Frankly there will be those people who say that the time has come to demand of Israel to move quickly to the ’67 borders and to make concessions on Jerusalem which will be very difficult for us to make. And we put ourselves into this situation – because the whole structure of the road map creates an international forum which sort of adjudicates, it doesn’t just monitor, the situation. This is something that we have shied away from for years and years. There’s always been an understanding in Israel, both on the part of the Likud and on the part of the traditional Labor party, that we should not finalize negotiations under the aegis, under the auspices of an international conference.

Why? Because [that kind of structure] contains seeds of compulsion, of imposition. And imposition in the end is something that takes into account the interests of the imposers no less than the interest of those on whom the settlement is imposed… One should be very careful before sort of entering this channel without considering all the consequences.

But the situation is what it is now. And there’s no going back on this. And we have the road map and Israel is committed to the road map… Anyway that’s the way things are. The important thing now is not to look backwards. What I’ve said now is history. The historians can debate whether I’m right or wrong…

[After disengagement], the question will arise: what happens next. And I believe that the next step after disengagement will be a move on the Syrian track.

Just a second, are you sure that disengagement will be carried out?

I have no doubt that there will be disengagement.

I have no doubt that the prime minister has the political will.

Clearly there is a very extreme fringe…

Moderation will prevail if the government takes a different position on its policy versus the settlers. The idea of legislation with very severe punishment of people who resist the evacuation is ill-conceived. If I’m not mistaken, in the committee stage it has been dropped and wisely so. I think that intimidating the settlers and alienating the settler community is a major mistake…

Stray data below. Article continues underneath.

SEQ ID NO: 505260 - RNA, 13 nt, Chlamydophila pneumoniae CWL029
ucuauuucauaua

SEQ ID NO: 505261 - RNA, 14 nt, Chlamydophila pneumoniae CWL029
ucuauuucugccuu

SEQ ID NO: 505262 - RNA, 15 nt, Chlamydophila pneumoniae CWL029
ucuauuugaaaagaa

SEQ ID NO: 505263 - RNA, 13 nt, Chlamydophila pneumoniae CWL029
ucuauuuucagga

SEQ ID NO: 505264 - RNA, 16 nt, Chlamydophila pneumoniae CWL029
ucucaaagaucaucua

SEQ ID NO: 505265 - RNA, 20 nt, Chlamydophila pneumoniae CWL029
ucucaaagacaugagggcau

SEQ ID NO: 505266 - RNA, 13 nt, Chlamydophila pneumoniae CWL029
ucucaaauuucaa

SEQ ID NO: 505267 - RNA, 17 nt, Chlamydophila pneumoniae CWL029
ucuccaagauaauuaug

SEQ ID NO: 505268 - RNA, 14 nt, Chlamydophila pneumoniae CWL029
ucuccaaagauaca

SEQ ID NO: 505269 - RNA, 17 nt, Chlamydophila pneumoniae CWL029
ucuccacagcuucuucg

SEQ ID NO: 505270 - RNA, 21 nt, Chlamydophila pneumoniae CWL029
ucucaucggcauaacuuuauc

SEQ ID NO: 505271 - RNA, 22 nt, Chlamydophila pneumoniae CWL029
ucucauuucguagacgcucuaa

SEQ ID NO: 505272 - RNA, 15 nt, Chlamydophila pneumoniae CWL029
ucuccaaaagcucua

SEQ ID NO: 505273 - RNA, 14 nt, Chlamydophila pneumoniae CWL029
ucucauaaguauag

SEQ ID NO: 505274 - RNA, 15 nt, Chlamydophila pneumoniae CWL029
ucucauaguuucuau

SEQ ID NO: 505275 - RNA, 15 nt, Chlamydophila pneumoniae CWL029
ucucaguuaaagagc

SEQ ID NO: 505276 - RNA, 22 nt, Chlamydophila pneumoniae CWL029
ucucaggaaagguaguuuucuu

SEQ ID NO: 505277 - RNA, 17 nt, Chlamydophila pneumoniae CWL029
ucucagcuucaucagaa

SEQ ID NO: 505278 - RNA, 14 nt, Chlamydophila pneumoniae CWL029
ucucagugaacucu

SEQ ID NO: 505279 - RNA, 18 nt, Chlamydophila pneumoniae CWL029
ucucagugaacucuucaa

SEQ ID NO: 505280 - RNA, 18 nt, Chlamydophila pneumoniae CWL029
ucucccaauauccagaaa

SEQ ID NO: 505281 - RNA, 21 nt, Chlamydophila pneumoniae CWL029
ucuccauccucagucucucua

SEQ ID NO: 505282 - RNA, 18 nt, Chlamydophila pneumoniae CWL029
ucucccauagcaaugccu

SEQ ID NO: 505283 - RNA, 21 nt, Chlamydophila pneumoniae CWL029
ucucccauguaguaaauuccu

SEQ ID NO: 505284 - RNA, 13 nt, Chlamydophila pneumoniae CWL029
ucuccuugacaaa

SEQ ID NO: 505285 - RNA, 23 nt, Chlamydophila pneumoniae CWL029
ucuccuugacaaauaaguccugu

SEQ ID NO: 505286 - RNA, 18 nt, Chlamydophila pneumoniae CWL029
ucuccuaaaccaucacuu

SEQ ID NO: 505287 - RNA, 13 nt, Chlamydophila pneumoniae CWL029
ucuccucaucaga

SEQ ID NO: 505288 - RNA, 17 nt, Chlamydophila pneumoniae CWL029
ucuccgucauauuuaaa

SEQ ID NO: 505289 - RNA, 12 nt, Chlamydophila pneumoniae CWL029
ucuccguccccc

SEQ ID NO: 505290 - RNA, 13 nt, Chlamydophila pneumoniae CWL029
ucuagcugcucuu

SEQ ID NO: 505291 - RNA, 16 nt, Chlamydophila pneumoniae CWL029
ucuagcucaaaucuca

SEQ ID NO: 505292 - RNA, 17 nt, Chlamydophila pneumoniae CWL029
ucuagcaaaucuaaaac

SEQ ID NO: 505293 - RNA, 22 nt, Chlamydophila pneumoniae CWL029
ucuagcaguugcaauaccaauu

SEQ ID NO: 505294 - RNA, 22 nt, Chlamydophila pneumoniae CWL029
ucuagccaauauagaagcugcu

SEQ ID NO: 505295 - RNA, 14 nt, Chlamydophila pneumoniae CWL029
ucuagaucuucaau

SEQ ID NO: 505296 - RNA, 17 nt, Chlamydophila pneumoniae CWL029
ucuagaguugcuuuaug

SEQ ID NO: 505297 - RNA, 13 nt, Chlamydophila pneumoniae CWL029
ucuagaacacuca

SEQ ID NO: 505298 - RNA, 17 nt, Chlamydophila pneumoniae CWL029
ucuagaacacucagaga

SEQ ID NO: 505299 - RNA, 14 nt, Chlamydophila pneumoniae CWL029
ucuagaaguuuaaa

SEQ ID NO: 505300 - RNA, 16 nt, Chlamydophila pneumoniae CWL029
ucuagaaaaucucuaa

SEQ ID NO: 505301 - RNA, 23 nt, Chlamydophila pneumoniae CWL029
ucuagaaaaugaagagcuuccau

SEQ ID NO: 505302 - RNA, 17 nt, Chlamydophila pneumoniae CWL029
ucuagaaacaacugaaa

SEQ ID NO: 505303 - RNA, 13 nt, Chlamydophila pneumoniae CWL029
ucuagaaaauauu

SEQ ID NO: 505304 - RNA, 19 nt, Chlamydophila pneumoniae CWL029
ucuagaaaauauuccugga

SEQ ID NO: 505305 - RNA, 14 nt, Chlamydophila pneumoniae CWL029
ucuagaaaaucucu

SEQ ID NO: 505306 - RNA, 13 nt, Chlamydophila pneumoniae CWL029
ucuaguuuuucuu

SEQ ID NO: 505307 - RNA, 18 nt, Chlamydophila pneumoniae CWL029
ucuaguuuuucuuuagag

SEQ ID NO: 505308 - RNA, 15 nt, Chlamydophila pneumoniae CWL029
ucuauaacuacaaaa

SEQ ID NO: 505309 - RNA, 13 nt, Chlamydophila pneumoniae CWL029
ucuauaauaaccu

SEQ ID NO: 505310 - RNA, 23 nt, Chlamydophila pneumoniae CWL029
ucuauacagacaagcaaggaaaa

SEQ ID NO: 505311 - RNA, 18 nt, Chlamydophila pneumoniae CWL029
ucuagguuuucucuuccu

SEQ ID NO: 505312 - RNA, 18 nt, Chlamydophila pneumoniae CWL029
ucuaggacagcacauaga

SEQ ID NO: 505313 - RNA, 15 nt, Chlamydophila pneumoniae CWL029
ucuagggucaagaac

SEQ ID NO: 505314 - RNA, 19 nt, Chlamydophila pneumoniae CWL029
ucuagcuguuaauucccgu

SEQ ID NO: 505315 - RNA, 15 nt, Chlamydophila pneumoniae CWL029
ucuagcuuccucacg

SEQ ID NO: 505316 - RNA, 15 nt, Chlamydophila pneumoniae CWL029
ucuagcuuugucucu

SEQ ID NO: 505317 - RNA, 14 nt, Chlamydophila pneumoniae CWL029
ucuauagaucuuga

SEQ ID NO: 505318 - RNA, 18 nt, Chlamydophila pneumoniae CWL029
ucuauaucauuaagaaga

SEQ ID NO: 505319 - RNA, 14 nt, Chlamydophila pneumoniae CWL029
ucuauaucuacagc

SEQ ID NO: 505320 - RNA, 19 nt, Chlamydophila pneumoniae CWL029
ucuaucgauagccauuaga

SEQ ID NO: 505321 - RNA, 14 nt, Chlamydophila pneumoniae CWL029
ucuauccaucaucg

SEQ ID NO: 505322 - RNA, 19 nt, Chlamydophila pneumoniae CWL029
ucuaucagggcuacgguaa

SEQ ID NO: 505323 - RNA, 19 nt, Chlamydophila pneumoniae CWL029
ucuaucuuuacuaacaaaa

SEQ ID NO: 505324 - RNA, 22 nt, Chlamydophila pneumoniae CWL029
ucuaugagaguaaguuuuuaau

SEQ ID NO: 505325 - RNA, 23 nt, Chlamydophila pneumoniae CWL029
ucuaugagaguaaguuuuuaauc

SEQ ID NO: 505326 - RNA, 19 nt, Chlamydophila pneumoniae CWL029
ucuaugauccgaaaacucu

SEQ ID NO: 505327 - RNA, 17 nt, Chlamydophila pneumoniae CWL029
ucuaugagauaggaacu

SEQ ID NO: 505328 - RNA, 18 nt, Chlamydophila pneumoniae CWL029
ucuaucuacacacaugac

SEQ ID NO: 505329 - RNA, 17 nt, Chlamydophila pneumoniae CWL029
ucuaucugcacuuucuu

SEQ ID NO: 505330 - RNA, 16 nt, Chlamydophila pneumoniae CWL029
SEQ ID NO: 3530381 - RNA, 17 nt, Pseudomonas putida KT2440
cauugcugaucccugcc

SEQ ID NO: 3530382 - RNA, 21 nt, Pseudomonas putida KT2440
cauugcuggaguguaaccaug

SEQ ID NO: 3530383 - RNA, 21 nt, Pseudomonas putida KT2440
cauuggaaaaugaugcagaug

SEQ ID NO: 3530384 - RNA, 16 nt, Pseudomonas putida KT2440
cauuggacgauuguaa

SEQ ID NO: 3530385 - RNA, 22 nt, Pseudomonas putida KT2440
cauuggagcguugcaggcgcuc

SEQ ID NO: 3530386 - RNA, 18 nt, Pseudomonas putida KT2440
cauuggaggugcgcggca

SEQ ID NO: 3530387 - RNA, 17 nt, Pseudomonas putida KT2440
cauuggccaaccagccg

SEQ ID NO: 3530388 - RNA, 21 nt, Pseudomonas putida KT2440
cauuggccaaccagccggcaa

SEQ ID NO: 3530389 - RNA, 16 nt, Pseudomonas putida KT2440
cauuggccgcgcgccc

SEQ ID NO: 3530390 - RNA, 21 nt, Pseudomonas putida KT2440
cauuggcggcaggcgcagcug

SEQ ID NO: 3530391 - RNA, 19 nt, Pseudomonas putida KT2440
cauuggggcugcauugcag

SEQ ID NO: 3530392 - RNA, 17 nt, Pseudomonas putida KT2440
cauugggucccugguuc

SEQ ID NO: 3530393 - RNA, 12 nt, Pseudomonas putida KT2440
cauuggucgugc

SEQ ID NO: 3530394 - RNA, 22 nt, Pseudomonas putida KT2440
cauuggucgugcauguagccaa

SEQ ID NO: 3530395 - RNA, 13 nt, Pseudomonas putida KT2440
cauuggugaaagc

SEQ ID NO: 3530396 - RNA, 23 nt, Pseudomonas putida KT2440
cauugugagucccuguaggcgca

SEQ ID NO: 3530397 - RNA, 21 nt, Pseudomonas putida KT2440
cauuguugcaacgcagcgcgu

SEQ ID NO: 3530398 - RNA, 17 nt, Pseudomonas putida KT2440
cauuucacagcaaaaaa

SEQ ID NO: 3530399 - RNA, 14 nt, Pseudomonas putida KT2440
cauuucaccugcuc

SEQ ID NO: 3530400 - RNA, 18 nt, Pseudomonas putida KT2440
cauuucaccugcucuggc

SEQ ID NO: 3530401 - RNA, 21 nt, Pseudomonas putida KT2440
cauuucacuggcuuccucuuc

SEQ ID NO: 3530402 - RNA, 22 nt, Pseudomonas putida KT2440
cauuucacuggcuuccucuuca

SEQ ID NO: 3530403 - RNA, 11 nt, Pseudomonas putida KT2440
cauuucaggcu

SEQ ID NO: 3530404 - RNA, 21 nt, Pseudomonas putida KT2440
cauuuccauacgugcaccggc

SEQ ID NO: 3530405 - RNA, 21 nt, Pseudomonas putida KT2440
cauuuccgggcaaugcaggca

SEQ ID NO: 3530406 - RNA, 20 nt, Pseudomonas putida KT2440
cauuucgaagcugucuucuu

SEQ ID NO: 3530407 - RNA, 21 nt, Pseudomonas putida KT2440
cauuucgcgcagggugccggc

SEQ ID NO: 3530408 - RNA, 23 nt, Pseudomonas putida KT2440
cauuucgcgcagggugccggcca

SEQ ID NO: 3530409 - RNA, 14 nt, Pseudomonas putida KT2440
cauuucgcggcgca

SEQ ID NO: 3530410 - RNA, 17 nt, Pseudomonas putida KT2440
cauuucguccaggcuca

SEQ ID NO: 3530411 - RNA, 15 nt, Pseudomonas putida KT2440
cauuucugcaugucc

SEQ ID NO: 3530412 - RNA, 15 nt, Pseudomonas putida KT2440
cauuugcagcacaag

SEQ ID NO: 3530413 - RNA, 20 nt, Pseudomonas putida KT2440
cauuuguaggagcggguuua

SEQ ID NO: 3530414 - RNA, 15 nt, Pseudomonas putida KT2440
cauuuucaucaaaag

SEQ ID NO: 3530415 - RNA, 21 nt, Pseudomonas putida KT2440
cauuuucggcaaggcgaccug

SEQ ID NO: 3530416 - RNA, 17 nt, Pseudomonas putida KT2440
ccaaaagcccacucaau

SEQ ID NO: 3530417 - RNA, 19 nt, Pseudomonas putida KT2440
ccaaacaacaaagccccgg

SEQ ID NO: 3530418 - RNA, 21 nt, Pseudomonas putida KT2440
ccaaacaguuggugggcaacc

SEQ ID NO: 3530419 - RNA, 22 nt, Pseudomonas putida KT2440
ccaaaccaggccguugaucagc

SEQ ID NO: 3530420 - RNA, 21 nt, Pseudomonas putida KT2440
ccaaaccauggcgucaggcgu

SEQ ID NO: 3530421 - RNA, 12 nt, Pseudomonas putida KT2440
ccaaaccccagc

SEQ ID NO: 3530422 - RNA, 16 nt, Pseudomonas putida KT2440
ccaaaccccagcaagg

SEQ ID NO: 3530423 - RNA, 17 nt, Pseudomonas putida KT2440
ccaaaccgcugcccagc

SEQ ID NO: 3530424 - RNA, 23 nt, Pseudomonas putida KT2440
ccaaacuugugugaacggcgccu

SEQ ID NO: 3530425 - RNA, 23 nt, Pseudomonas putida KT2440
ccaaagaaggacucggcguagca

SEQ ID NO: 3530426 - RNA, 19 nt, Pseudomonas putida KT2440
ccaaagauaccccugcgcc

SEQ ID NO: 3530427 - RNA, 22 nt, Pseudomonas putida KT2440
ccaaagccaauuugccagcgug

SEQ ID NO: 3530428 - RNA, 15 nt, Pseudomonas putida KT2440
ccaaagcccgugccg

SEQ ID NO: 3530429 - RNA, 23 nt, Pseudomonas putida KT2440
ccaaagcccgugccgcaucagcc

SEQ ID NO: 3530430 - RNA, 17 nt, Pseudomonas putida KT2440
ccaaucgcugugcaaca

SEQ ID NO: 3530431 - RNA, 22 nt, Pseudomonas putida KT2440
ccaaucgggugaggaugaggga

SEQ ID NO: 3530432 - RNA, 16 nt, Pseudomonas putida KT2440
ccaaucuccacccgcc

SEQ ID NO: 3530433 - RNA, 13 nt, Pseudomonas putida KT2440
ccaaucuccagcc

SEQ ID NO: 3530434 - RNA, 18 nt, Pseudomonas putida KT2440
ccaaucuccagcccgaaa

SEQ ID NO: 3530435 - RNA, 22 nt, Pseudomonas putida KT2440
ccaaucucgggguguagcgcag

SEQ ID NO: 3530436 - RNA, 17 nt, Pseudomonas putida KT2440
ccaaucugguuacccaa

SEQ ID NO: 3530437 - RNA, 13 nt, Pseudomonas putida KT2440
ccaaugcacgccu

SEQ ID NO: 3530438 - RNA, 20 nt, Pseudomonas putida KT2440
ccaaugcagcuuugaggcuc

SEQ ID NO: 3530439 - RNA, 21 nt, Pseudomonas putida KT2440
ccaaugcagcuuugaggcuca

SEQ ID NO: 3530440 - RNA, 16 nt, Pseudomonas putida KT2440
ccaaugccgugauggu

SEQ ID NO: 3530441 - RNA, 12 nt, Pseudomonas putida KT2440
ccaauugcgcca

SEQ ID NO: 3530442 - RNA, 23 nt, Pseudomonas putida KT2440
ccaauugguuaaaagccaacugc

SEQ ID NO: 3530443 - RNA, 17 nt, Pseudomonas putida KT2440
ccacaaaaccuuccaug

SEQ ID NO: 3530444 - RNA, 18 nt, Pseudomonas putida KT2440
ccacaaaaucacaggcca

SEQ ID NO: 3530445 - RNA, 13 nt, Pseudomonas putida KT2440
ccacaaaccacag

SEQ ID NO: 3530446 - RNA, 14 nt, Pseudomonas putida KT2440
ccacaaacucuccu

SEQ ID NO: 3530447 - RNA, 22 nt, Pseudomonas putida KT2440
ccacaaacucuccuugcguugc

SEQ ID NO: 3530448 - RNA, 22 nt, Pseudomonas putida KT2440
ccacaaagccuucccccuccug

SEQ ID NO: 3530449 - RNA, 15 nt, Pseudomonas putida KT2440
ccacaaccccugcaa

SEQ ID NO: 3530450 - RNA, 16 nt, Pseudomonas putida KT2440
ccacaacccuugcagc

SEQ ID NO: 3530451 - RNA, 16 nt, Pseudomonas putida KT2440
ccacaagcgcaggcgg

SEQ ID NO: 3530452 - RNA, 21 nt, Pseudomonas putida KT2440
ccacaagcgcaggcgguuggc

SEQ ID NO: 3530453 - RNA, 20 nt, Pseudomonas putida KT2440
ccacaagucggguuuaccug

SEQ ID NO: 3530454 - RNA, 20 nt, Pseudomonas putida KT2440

What I would like to say is that the responsibility for the prevention of bloodshed is the total responsibility of the government. The government will not be able to absolve itself by saying that this or that happened because the settlers behaved in this or that way. The government has a heavy responsibility, a tremendous responsibility, to prevent bloodshed. I have no doubt that the prime minister must be aware of this. I’m not sure that all the others are.

There is one more reason why I believe from every point of view we have an interest in not moving to final status: I’ve heard it said that we should not fear the road map because in order for the Palestinians to meet the requirements of the first stage they would have to be like the Swedes. And that since everybody recognizes the Palestinians will never be Swedes, there is no danger in the road map. If that is so [in the government’s thinking], it also indicates a lack of sincerity because it says we accepted the road map based on the assumption that the other side would never be able to meet its requirements. I think a responsible government cannot officially promote such a position.

That’s why I think it will need a pause. There has to be a pause after the disengagement. And since you cannot have a pause in a vacuum with nothing happening for a variety of reasons, I think then will come the turn of the Syrians, because I think it’s difficult for any Israeli government to deal with two such issues simultaneously.